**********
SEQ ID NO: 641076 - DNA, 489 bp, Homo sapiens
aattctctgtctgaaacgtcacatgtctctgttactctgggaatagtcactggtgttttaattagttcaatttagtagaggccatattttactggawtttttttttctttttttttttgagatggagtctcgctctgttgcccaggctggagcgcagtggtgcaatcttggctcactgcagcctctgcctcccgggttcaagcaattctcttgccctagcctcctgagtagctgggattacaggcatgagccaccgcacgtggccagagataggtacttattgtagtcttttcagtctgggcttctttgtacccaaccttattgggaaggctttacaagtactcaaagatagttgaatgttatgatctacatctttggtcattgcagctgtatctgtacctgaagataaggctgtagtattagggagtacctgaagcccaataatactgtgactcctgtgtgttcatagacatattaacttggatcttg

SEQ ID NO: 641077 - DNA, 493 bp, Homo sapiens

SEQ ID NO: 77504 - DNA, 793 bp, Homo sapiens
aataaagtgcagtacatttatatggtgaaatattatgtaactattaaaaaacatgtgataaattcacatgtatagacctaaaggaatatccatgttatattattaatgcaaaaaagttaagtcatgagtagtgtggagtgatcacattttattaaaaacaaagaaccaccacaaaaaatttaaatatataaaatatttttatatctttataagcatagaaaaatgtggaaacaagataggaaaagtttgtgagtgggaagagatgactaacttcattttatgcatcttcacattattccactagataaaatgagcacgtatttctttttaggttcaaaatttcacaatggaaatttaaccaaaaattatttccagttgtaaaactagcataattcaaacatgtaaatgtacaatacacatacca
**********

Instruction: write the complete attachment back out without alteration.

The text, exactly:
SEQ ID NO: 641076 - DNA, 489 bp, Homo sapiens
aattctctgtctgaaacgtcacatgtctctgttactctgggaatagtcactggtgttttaattagttcaatttagtagaggccatattttactggawtttttttttctttttttttttgagatggagtctcgctctgttgcccaggctggagcgcagtggtgcaatcttggctcactgcagcctctgcctcccgggttcaagcaattctcttgccctagcctcctgagtagctgggattacaggcatgagccaccgcacgtggccagagataggtacttattgtagtcttttcagtctgggcttctttgtacccaaccttattgggaaggctttacaagtactcaaagatagttgaatgttatgatctacatctttggtcattgcagctgtatctgtacctgaagataaggctgtagtattagggagtacctgaagcccaataatactgtgactcctgtgtgttcatagacatattaacttggatcttg

SEQ ID NO: 641077 - DNA, 493 bp, Homo sapiens

SEQ ID NO: 77504 - DNA, 793 bp, Homo sapiens
aataaagtgcagtacatttatatggtgaaatattatgtaactattaaaaaacatgtgataaattcacatgtatagacctaaaggaatatccatgttatattattaatgcaaaaaagttaagtcatgagtagtgtggagtgatcacattttattaaaaacaaagaaccaccacaaaaaatttaaatatataaaatatttttatatctttataagcatagaaaaatgtggaaacaagataggaaaagtttgtgagtgggaagagatgactaacttcattttatgcatcttcacattattccactagataaaatgagcacgtatttctttttaggttcaaaatttcacaatggaaatttaaccaaaaattatttccagttgtaaaactagcataattcaaacatgtaaatgtacaatacacatacca